Team Spirit

The Rise of the Team spirit is a fascinating invisible phenomenon that often we struggle to catch and control… Despite the deep psychological roots, the Social basis and The Manager’s view, the manager is somehow embarrassed and not prepared when people behave like a team.

Before the explanation why the manager has such feelings, let’s see how the Team spirit emerge. Hereafter two metaphors illustrate this process.

Metaphor 1: The Team Spirit Casper. Remember this little happy ghost who uses his magic for good and is searching for friends? When you need a little bit of magic in your daily work, just call Casper and see what will happen. Actually he is pretty predictive and tells you a lot about yourself. For example:

  • If Casper comes in your team only when you are happy, then you are still not a team. A small disturbance brings the old ghosts Fear and Suspicion up to a level that can destroy what you have already built together.
  • If you do something together, Casper is there but he hides when somebody is tired or stressed, then you are still not a team. With the time spent together Casper grows and grows and finally he became just like his bad fellows Fear and Suspicion.
  • When Casper is there whatever you do and however you feel, then you have a team, your team! Then trouble is challenge, not problem.

Metaphore 2: The J-curve. The forming of the team extrapolated to a learning process. 

This process starts with mistakes where efficacy sharply falls down. When recognizing the mistakes and taking corrective actions, the efficacy starts to improve untill it reach his saturation point. The efficacy at this point is much higher than the efficacy in the beginning. The J-curve testify that efficient work of a team is not an event, but a long learning process. Personel staffing would be an over-simplification of the topic.

According to the long-lasting research of Bruce Truckman:

There are four levels of team formation: Forming, Storming, Norming and Performing.

Forming vs. recruitment. The forming phase is the period of time when you recognize the person(s) in front of you as connected to your goals and they recognize you as connected to their goals. The result is a group of people with common goals.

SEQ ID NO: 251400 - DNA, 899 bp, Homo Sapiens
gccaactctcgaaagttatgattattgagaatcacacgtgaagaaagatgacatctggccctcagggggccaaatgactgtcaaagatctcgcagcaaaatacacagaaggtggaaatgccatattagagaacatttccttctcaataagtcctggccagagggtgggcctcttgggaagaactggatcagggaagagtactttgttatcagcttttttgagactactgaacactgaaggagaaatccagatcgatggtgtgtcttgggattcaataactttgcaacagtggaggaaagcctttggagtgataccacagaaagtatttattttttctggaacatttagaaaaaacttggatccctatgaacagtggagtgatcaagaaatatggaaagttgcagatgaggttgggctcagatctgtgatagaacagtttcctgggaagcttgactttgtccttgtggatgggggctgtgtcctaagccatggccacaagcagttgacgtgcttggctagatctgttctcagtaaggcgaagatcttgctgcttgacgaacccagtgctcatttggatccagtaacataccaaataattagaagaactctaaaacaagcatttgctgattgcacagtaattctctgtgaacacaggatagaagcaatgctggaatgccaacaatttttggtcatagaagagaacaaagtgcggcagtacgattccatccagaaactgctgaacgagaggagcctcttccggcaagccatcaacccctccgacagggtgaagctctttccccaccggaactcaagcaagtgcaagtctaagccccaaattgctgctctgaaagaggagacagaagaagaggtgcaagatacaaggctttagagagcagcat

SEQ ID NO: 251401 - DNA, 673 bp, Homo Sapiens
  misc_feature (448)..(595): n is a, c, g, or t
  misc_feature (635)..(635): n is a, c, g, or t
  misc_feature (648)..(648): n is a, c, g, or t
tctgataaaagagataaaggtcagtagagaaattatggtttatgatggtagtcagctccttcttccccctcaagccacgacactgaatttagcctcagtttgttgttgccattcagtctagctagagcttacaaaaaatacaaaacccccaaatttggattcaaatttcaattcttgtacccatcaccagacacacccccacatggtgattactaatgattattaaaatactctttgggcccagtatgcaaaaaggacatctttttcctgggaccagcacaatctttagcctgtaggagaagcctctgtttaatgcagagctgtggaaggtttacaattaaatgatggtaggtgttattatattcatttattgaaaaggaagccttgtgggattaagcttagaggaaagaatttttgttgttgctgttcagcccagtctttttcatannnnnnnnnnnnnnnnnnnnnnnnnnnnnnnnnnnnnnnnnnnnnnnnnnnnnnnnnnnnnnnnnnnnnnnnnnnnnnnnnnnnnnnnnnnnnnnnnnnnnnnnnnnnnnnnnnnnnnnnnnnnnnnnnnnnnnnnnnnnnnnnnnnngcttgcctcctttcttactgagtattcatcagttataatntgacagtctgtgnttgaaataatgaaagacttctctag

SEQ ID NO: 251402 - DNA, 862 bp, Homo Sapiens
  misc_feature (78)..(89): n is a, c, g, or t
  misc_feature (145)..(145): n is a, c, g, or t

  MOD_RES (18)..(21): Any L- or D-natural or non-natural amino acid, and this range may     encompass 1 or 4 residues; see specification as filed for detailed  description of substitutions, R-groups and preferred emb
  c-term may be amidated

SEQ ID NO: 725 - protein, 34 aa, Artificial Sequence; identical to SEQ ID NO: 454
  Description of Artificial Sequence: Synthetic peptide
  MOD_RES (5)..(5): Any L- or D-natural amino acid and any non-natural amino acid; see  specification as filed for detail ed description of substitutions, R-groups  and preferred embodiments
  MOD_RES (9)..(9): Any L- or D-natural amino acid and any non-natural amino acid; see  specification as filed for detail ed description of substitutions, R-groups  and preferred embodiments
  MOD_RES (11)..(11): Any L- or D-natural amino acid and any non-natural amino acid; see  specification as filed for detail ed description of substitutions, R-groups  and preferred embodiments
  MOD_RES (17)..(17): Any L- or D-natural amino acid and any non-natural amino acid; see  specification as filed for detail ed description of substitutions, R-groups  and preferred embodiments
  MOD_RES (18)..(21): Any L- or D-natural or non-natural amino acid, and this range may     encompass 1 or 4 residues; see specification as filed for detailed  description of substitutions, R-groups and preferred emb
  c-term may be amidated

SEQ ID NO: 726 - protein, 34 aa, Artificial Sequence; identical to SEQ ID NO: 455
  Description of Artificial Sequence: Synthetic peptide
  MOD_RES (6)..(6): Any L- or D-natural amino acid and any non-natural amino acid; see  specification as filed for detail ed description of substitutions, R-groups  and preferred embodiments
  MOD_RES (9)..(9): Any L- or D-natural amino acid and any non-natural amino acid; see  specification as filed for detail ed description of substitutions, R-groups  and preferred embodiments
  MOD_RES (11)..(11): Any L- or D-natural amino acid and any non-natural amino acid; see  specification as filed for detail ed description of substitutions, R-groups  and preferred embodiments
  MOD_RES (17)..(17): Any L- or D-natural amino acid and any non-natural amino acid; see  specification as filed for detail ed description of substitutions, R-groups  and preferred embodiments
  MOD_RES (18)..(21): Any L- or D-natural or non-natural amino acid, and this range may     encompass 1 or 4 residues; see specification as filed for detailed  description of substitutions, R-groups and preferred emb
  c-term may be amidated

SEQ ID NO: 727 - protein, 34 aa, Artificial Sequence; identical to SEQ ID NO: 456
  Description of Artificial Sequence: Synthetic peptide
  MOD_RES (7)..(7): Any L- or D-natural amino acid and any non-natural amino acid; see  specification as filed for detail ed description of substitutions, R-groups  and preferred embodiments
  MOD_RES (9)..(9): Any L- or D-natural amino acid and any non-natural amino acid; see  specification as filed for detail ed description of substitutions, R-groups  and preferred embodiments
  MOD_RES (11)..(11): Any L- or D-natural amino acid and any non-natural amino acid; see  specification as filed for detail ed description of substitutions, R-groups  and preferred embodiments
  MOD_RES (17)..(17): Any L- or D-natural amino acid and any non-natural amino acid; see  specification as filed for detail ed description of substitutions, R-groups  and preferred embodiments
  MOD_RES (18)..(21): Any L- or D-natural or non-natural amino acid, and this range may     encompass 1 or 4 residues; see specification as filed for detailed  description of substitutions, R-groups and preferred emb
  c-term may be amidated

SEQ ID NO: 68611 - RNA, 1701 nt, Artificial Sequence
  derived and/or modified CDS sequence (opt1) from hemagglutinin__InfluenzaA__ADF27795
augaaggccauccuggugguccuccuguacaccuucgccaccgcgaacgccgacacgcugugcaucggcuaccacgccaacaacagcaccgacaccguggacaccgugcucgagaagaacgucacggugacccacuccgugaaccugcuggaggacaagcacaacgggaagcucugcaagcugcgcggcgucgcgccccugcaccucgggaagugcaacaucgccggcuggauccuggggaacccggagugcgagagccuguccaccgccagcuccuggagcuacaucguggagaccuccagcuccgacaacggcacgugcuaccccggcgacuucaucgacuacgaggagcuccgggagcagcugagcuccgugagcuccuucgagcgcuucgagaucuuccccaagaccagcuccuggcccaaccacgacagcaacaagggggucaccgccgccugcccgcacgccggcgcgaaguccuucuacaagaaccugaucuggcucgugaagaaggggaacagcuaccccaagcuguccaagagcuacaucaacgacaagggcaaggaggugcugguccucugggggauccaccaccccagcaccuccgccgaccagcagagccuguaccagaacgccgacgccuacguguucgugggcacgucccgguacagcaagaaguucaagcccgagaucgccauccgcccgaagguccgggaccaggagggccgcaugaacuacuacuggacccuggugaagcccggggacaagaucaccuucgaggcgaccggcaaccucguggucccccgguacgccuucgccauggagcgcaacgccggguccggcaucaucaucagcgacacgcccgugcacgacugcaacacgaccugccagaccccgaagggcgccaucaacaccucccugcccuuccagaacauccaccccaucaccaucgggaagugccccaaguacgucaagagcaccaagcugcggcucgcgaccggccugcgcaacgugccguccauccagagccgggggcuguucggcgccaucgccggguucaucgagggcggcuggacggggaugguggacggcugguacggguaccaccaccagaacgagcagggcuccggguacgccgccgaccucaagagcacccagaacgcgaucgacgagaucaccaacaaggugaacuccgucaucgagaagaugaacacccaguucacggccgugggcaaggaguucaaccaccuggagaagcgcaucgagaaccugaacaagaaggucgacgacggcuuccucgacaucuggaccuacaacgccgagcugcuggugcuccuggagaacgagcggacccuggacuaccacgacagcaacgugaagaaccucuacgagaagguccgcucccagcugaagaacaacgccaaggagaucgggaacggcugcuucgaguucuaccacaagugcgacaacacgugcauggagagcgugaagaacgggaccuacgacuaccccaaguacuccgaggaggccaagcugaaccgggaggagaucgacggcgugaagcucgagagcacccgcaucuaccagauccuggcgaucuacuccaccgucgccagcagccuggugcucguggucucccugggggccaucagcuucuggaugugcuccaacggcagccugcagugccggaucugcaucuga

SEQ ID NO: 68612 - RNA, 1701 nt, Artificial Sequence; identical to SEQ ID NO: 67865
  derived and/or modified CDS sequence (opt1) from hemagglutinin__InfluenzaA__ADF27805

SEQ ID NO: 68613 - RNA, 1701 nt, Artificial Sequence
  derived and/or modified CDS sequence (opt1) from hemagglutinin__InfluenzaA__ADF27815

Many people think that the company recruitment process is the only way to build a team. In practice this is exactly what we see when a company grows. As mentioned in the article Team and Society, a team being part of a bigger organization is a special case that corresponds to typical contemporary labor organization. Therefore we have to agree that hiring staff is part of the team building process. The team building process can be managed, facilitated or hindered by the recruitment. The result may be successful or not. As usual, the truth is a bit deeper than the surface that we see. Once gathered, the team need to build trust and respect.

Storming and fights.  This phase is the most painful one. Depending on people’s attitude, it build trust or destroy it forever. Once the team gets together, people start to face conflicting situations. There are three typical reactions to conflicts:

Avoid & Hide reaction consists in pretending there is no conflict, hide one’s suffering and hope it will disappear. Often the intentions are good (‘I don’t want to fight with you…’). Usually the problem does not evaporate and the result is frustrating for the one who hides (‘I knew you don’t care!’).

Confront & Attack reaction is to face the problem in a way that is harmful for the other people in the team. This happens when the attacking person feel insecure (‘It is not my fault!’) and this mistrust generate distrust in the team.

Welcome & discuss reaction means to face the problem in a constructive way and to search for a resolution that would be suitable to everybody, most commonly through a discussion. This behaviour fosters the trust.

Whatever the reaction is, this process consumes time and energy which decreases more or less the team efficiency. But at the end of the day we must align so to act simultaneously. The phase of storming is actually an investment for future performance. The successful completion of the storming phase is a stable basis to settle the team collaboration.

Norming: the calibration. In Engineering we say that we can trust the measurement only when the measuring system is calibrated. The calibration itself consists in setting rules and preferences that everybody complies to.

Does it sound complicated? In practice it is very simple: the team decides on what is good, what is wrong and what is acceptable. This can happen formally (clearly articulated) or informally (goes without saying). Those boundaries strengthen the mutual respect. Understanding team rules is critical for every new comer in the team: this is how we are, you catch it or you’re out.

Performing: reaching goals. The last phase is the longest and the funniest part for any group who has succeeded on the team road. At this phase with trust and mutual respect, the team is ready to reach his goals.

Such a long story for such a simple natural process! It could be question of hours, days, weeks, but it can also take months or years… Depends how strong the dreamers are.

Now the train of thoughts can go in two directions:

1. What are the pitfalls of the teams in their special case: as part of bigger organizations?

2. What comes after this Performing phase?

This is the Question. In other words: how the good performance influences the reality? In the special case of big economic organizations: what transformation will cause the high performing teams?

With the idea to free our minds for new horizons, let’s continue with the pitfalls: find here the link to the Manager’s Fears.

More Publications on Economy of Teams™:

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